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Phenylketonuria (PKU) is an inherited disease characterized by the inability of a person to metabolize the amino acid phenylalanine. Phenylalanine is normally converted to tyrosine (another amino acid) by the hepatic enzyme phenylalanine hydroxylase and the chemical cofactor tetrahydrobiopterin (or BH4). Tyrosine serves as the precursor amino acid for the production of the pigment melanin that gives our skin and hair their characteristic colors. It also serves as the precursor amino acid for the formation of essential body hormones (e.g. thyroxine) and neurotransmitters (e.g. dopamine and epinephrine).
The absence of the hepatic enzyme phenylalanine hydroxylase to convert phenylalanine to tyrosine results in the elevation of phenylalanine level in the blood plasma. Blood phenylalanine compounds are converted to phenylketone which is highly toxic to body cells and tissues. Phenylketone also crosses the blood-brain barrier and can cause irreversible damage to the brain. Phenylketone is excreted in the urine and can be detected by biochemical tests.
The symptoms of phenylketonuria are usually observed in new born babies a few days/weeks after their birth. The babies may have fairer skin and hair colors (different from the parents) due to the inadequate amount of melanin produced. Their urine and sweats have musty or mouse-like odor because of the high amount of phenylalanine contained in their bodies.
Children with untreated phenylketonuria have intellectual disabilities, behavioral problems, heart defects, skin disorders, and other related diseases.
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Phenylketonuria (PKU) Genetics: Mutation of the PAH Gene
Phenylketonuria is caused by a mutation of the phenylalanine hydroxylase (PAH) gene which is found in the q arm of chromosome 12. The PAH gene gives specific instructions for the production of the enzyme phenylalanine hydroxylase that converts phenylalanine to tyrosine. A single mutation to this gene results in the formation of non-functional or partially-functional phenylalanine hydroxylase.
The PAH gene has been highly susceptible to mutations by nucleotide substitution. In fact, scientists have identified more than 500 mutations in the PAH gene. One of the most common PAH gene mutations identified in populations is the substitution of the amino acid arginine with tryptophan at position 408. This mutation is technically written as Arg408Try or R408W by geneticists.
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Inheritance of Phenylketonuria
A person develops phenylketonuria by inheriting the mutated form of PAH gene on chromosome 12 from both of his parents. If normal parents carry a mutated form of the gene (heterozygous for the PAH gene), the Punnett square shows that there is 25% chance that they would produce a child with phenylketonuria.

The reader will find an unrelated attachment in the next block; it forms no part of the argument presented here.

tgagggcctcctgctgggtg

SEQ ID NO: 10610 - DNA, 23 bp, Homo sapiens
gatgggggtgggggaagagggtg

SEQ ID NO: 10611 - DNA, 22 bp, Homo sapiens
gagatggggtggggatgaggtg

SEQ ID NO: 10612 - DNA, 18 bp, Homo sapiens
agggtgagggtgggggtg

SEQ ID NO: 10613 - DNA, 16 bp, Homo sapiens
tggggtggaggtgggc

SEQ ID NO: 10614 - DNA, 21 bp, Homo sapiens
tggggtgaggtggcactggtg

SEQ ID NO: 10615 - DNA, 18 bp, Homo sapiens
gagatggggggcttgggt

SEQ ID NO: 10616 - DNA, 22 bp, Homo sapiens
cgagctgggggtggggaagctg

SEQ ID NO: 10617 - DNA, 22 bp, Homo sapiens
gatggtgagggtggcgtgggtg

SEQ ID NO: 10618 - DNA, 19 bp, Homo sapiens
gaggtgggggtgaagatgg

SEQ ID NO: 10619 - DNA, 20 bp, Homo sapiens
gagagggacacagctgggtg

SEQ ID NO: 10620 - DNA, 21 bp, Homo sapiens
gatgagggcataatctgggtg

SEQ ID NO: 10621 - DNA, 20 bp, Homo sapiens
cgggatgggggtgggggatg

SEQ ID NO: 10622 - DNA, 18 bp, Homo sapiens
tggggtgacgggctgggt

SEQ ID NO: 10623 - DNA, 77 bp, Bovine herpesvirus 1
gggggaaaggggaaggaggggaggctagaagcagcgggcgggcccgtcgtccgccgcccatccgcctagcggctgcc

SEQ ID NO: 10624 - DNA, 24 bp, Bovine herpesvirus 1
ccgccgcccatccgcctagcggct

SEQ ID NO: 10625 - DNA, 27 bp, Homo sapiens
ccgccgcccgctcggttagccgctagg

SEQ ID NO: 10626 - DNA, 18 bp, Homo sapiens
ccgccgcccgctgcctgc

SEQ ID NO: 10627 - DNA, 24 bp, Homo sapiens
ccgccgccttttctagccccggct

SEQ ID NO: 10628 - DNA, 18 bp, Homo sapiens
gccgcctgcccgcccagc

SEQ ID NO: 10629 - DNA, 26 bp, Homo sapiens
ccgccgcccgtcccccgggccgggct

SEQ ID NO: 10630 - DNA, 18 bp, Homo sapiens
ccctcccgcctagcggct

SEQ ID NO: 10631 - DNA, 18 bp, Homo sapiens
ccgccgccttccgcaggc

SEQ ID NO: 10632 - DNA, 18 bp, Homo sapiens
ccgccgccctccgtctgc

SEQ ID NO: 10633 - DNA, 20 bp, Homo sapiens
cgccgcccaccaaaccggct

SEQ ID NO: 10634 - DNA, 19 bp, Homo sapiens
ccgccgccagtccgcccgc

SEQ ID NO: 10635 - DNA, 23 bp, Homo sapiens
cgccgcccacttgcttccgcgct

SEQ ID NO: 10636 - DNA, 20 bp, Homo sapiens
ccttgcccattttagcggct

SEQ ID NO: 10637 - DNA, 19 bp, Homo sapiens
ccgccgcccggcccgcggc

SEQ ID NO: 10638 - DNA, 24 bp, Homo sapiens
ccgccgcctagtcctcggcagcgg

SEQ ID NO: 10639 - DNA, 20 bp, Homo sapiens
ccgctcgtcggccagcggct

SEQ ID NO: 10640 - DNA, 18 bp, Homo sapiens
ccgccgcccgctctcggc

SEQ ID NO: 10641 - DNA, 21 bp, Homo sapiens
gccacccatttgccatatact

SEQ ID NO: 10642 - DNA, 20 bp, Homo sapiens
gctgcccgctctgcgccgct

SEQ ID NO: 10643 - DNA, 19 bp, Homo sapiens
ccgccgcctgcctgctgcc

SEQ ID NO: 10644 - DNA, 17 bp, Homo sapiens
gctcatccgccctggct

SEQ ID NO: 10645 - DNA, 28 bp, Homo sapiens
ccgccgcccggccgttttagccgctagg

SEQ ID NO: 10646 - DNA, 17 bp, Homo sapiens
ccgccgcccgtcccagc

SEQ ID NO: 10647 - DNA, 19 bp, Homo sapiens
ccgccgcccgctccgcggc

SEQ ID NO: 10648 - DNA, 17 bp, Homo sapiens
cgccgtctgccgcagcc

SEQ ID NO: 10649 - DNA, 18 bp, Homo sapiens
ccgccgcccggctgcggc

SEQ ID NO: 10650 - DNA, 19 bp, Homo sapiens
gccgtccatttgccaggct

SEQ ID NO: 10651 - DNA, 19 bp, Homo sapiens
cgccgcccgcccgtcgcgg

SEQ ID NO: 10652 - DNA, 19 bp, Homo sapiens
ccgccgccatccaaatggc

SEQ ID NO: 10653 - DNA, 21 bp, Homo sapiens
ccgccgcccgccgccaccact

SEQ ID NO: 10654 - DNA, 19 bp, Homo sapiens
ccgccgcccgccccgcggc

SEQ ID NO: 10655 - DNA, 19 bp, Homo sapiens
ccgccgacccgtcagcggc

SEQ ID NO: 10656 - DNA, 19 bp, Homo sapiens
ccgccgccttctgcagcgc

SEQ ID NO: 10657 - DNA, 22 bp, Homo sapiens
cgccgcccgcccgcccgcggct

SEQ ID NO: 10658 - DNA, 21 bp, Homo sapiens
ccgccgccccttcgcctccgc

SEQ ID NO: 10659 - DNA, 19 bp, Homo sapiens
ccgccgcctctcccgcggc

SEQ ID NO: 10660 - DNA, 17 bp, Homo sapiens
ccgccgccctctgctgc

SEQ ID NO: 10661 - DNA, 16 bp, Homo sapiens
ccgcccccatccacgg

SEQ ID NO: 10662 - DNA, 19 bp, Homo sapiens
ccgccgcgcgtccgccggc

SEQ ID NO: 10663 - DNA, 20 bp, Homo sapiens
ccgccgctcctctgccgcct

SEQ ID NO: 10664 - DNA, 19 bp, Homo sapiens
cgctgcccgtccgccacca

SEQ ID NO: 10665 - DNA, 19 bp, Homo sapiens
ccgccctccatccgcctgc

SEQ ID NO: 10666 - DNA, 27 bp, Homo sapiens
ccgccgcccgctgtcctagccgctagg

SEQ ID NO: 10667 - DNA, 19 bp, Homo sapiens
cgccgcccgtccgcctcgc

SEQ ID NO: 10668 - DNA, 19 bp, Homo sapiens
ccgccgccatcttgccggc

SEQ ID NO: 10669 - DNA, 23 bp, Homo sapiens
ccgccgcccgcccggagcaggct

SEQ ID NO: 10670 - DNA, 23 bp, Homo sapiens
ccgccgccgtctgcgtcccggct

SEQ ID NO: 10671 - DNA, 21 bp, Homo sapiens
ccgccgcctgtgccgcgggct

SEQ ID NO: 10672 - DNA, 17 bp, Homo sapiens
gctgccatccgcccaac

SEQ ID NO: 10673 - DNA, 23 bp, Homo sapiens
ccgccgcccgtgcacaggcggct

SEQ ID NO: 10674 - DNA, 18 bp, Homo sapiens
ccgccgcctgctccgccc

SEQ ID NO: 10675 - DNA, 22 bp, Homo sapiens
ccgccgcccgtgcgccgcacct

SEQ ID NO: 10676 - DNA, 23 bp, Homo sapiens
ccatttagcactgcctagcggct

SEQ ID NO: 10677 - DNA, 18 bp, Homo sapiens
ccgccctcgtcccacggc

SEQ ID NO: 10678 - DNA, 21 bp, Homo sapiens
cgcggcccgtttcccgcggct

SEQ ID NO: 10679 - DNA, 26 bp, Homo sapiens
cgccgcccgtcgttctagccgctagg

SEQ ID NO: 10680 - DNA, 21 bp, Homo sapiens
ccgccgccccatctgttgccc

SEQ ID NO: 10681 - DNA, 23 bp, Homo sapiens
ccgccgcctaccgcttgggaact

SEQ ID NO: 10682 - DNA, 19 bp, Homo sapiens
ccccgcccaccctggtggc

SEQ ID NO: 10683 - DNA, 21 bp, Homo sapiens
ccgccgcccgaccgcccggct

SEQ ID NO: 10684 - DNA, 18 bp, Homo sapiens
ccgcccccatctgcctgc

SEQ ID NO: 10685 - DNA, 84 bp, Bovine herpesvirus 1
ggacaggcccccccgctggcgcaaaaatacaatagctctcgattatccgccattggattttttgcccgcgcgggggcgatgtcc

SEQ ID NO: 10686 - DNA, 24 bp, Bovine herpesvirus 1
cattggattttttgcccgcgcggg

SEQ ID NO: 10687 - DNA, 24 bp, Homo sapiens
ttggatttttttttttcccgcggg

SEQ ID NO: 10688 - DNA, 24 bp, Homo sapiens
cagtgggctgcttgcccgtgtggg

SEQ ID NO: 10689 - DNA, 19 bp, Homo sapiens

A couple planning to produce a child have the option to undergo genetic testing to see if they carry a mutated PAH gene.
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Is there a gene therapy for phenylketonuria?
Strict phenylalanine-free and high tyrosine diet is still the current treatment for phenylketonuria. Foods that contain phenylalanine like meat, egg, fish, and the like are not given to affected children so as to avoid the potential damage caused by elevated phenylalanine levels in the blood. Foods that contain high amounts of tyrosine are given because the amino acid is the precursor for many physiologically important hormones and neurotransmitters. Furthermore, foods that contain low amounts of phenylalanine are specially processed to remove the amino acid for consumption by phenylketonurics.
In 2005, Drs. Woo and Eisensmith of the USA reported a successful phenylketonuria gene therapy in laboratory mice. “Gene therapy is the delivery of genetic material to specific cell types of an organism to alter its physiology or function.” (Woo and Eisensmith 2005) The two biomedical scientists inserted the phenylalanine hydroxylase gene into the chromosomes of mouse hepatic cells via a bacteriophage integrase system. They found a significant drop of blood phenylalanine level in the blood plasma of phenylketonuric mice after the insertion of the PAH gene in their hepatic cell chromosomes. The two researchers said that the “current method is toxic to humans” and it will take more time and study for the development of a gene therapy for phenylketonuria.
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References for the Genetics of Phenylketonuria
Phenylketonuria. 2009. National Library of Medicine. Retrieved May 22, 2009 from http://ghr.nlm.nih.gov/condition=phenylketonuria.
PAH Gene. 2005. Retrieved on May 22, 2009 from the National Institute of Health Website: http://ghr.nlm.nih.gov/gene=pah.
Rauscher, Megan. 2005. Gene therapy corrects phenylketonuria in mice. Oncolink: Abraham Cancer Center of the University of Virginia. Retrieved May 22, 2009 from http://www.oncolink.com/resources/article.cfm?c=3&s=8&ss=23&Year=2005&Month=6&id=11946
Eisensmith R. C. and Woo S. L. C. 2005. Somatic Gene Therapy for phenylketonuria and other hepatic deficiencies. Journal of Inherited Metabolic Diseases. Abstract retrieved from http://www.springerlink.com/content/un52n63205n86627/ on May 22, 2009.